Once upon a time, being dominant in a specific form of media was generally enough for anyone. If you were a novelist, you’d probably only be a novelist aside from a few passion projects you had on the side. If you were a screenwriter, you’d be known as a screenwriter first and any other projects you worked on would be exceptions rather than the rule. And if you did comic books, it tended to be a long shot for you to get big somewhere else. But today it’s much more likely that anyone who becomes a success will do so across multiple platforms.
Cross platform properties have become so common today that most successful works have their movie rights sold almost as fast as their book rights. Sure, some works are going to remain on a single format, but those are becoming increasingly rare in the most popular genres. Part of this is because cross promotion tends to help all parties involved. Selling the movie rights to a book is generally going to help sell more books as people become curious about the IP and having a book out to go with the movie tends to help with stirring interest in seeing the story fleshed out in full. And, while many would say it’s a sign of both industries being “out of ideas”, it’s really just about having audiences primed to spend money on something they may not have spent money on before.
But what exactly makes a good adaptation and why is it, despite all efforts, that some adaptations turn out terribly? Continue reading Good Adaptation, Bad Adaptation
As part of the rebirth of a long dead idea of Masochist Mondays (though I don’t intend to use the title, just the label), I’m continuing my current trend of writing about something about myself every Monday that I can declare as my line in the sand. Right now, if I follow my schedule right and keep ahead of it, this will be part of a routine that I will call the digital mullet: serious in the front, party in the back (Smartass Fridays?).
But for right now, as it is Monday, I continue to draw my lines in the sand and today’s line is going to be on:
Violence in the Media
It wasn’t very long ago that I wrote a similarly themed postabout what I think our responsibilities, as creators, is to the public. In that post I addressed the fact that no one could predict any lunatic could have taken “inspiration” in someone’s work and put the responsibility of what those people did onto the shoulders of the assholes who did it. But at the time, I didn’t really clarify how I came to the conclusion that it wasn’t our responsibility. And, really, I only addressed whether it was our responsibility, not whether or not the depiction itself was right.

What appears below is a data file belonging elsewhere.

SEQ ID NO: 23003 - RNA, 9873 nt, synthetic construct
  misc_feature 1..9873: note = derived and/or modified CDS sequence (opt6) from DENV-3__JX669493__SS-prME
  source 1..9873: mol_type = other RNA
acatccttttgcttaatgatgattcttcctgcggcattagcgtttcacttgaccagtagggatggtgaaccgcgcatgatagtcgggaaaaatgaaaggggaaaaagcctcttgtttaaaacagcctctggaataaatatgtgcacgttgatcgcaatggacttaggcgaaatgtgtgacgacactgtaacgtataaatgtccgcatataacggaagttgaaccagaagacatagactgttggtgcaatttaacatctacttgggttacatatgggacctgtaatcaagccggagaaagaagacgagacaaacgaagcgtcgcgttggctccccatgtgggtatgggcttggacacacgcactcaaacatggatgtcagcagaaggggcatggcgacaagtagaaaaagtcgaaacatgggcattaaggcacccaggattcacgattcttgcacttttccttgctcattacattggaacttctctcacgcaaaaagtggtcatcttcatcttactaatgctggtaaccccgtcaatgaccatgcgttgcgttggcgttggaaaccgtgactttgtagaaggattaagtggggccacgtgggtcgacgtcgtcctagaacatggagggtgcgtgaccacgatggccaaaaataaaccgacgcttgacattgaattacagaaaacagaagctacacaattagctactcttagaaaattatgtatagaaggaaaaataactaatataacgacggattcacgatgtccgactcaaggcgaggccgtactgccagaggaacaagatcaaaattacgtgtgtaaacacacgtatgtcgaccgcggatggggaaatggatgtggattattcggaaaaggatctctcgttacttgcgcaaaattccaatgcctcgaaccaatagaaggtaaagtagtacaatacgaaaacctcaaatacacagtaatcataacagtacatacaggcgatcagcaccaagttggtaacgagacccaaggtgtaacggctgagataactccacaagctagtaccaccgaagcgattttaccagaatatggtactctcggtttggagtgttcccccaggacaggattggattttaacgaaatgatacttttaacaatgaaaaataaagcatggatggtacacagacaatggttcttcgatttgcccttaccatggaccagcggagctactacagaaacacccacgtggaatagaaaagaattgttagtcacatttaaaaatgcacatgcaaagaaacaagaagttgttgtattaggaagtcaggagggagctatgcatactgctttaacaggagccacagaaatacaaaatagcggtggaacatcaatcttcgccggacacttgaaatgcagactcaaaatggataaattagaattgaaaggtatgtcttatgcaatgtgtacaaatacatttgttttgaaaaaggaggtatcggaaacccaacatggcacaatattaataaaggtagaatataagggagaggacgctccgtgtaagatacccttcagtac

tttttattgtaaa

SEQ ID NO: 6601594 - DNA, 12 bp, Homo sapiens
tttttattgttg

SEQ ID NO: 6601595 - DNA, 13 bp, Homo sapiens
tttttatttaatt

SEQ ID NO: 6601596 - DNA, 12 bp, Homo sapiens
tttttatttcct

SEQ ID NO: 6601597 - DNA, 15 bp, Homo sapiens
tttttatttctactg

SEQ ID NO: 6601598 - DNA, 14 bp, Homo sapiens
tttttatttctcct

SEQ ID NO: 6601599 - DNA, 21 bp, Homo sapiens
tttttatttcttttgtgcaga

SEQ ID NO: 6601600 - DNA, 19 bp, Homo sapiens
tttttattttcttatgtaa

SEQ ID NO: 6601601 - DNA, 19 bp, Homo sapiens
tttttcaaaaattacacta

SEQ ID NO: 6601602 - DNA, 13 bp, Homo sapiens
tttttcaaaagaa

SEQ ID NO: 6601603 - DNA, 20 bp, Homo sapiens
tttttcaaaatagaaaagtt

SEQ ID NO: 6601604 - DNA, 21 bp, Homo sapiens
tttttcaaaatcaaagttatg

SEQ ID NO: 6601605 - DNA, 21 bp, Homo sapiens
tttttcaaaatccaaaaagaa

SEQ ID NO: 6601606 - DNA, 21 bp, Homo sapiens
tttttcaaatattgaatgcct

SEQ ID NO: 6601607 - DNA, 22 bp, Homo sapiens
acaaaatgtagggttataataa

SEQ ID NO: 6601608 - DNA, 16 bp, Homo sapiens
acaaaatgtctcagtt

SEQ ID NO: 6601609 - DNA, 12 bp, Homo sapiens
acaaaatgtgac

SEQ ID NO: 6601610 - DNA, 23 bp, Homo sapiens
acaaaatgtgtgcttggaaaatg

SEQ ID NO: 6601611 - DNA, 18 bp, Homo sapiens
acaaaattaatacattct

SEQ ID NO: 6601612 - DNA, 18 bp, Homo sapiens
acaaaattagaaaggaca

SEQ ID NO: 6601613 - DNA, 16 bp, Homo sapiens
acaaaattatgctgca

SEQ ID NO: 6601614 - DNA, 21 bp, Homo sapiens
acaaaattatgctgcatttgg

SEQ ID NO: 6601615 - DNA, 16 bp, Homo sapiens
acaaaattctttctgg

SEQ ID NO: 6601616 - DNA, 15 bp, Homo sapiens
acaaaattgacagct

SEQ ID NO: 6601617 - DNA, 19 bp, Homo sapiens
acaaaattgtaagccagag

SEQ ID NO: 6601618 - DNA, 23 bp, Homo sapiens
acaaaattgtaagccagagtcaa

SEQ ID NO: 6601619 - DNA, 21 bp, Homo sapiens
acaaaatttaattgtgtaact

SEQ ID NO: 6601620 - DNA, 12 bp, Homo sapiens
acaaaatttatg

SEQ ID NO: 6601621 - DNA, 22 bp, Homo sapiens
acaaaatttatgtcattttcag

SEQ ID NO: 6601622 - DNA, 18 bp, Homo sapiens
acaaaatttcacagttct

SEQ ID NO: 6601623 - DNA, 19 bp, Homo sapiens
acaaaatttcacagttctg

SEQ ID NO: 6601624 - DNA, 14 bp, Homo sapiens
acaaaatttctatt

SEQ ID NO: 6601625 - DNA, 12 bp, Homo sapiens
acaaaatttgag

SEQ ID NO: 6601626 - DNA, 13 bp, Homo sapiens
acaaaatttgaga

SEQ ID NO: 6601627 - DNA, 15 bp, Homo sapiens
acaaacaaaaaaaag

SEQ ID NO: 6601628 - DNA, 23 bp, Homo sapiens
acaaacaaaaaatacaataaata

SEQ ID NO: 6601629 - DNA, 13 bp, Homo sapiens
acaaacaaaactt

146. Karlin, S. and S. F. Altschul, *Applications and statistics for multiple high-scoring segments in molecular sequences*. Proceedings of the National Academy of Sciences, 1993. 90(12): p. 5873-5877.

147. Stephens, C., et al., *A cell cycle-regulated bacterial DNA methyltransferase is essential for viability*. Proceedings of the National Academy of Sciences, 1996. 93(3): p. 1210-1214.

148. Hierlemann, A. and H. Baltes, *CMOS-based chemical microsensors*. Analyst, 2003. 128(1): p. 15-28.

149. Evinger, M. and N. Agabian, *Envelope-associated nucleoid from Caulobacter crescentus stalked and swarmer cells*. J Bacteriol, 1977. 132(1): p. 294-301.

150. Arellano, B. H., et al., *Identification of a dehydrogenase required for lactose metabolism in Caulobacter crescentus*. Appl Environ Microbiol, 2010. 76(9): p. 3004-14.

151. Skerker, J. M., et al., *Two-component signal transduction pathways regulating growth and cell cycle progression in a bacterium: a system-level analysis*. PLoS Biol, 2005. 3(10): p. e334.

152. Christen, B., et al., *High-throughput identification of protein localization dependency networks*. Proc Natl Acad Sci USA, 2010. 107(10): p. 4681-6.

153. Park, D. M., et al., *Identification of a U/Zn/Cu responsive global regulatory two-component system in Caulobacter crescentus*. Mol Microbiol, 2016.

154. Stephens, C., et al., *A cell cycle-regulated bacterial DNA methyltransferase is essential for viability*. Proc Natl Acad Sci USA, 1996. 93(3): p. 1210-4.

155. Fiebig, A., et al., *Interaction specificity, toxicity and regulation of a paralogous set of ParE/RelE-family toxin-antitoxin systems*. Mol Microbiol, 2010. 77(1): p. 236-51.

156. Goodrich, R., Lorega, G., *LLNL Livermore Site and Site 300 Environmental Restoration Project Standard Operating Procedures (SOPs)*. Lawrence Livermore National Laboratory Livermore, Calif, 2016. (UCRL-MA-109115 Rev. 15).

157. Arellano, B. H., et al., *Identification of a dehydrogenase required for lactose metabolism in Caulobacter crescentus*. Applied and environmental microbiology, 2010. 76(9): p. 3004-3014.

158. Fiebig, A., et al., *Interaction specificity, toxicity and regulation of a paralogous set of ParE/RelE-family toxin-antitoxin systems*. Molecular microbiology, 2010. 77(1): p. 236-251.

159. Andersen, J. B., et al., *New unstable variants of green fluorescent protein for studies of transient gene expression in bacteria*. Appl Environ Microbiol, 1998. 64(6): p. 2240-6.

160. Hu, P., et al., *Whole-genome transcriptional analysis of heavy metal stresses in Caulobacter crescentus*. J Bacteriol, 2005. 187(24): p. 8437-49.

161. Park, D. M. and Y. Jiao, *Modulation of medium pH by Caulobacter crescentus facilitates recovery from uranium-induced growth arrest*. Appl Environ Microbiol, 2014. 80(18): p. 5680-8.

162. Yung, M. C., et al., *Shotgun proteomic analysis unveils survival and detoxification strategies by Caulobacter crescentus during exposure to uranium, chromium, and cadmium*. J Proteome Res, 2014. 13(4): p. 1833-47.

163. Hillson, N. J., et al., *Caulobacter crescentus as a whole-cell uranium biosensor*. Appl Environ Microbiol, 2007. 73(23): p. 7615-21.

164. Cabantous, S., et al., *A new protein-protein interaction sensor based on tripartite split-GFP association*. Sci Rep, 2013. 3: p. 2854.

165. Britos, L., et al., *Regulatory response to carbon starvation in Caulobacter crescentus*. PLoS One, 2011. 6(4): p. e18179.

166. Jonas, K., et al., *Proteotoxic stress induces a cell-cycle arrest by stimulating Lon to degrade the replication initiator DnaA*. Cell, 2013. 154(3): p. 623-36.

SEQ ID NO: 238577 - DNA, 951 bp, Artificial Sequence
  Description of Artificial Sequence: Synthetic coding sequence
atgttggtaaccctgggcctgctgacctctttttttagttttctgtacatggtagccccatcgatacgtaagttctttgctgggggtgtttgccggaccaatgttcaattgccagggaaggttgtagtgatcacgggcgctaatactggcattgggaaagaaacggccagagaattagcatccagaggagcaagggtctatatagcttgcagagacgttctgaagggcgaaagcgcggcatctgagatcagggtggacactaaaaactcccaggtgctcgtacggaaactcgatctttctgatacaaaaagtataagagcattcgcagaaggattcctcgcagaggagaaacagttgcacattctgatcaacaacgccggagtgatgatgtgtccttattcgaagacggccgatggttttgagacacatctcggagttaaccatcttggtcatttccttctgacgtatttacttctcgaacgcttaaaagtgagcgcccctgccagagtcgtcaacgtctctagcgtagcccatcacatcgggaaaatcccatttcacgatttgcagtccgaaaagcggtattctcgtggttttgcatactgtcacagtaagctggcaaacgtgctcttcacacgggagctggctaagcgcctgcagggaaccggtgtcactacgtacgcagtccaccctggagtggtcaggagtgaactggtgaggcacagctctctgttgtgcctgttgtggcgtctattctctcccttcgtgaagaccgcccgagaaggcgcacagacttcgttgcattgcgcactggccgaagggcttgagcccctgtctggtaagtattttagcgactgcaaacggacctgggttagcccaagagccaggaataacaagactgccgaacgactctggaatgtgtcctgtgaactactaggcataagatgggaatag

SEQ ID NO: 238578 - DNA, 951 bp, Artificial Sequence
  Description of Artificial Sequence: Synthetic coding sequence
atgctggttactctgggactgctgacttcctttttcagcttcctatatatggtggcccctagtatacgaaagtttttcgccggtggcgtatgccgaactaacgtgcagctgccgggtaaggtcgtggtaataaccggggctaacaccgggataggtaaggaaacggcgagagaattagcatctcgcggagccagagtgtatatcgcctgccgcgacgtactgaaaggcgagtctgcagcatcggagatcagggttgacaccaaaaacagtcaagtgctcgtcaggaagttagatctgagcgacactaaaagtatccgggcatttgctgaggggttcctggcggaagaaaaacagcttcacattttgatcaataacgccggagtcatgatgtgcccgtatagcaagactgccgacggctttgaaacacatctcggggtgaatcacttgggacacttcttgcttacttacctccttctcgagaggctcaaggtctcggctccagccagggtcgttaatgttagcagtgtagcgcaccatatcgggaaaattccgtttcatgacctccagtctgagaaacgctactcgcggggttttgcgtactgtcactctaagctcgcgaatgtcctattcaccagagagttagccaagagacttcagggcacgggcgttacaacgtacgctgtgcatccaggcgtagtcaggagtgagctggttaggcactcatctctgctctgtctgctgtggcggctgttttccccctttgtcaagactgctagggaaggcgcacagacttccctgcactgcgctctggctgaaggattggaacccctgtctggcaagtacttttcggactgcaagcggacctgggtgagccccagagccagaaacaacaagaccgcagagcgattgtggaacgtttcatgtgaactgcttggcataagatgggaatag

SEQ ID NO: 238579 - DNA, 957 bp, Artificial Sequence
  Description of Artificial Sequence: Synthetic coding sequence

The fact I’ve argued creators are exempt from responsibility for these things shows at least a good part of what I believe. But in terms of how other people interact with it, I think it goes much further. Not only do I think that violence in our media is acceptable – I think it’s necessary.
Continue reading Violent Media & Censorship
Usually when I come to write a blog post I’m hoping to be somewhat entertaining or informative. I usually feel like trying to make something more happen than “me” (and sometimes fail). A couple times I’ve come to the blog with something to get off my chest. This, unfortunately, may be one of those times.
Today’s Father’s Day and a recent string of events has reminded me that the word “father” is a heavy word. What exactly defines a father in today’s society? In my opinion, it’s not as simple as people think it is.
Over the years I’ve realized that being considered a child’s father isn’t something that should just be given from the moment of birth, it’s something you earn. When I was born my dad was in the navy and he was gone a lot for the first couple years of my life. A lot of the stages of my early life were spent around my mother and grandmother. But eventually, he left the navy and came home.
|Closest representation of dad possible since he takes no photos(not exaggerating much either)
Continue reading “Father’s” Day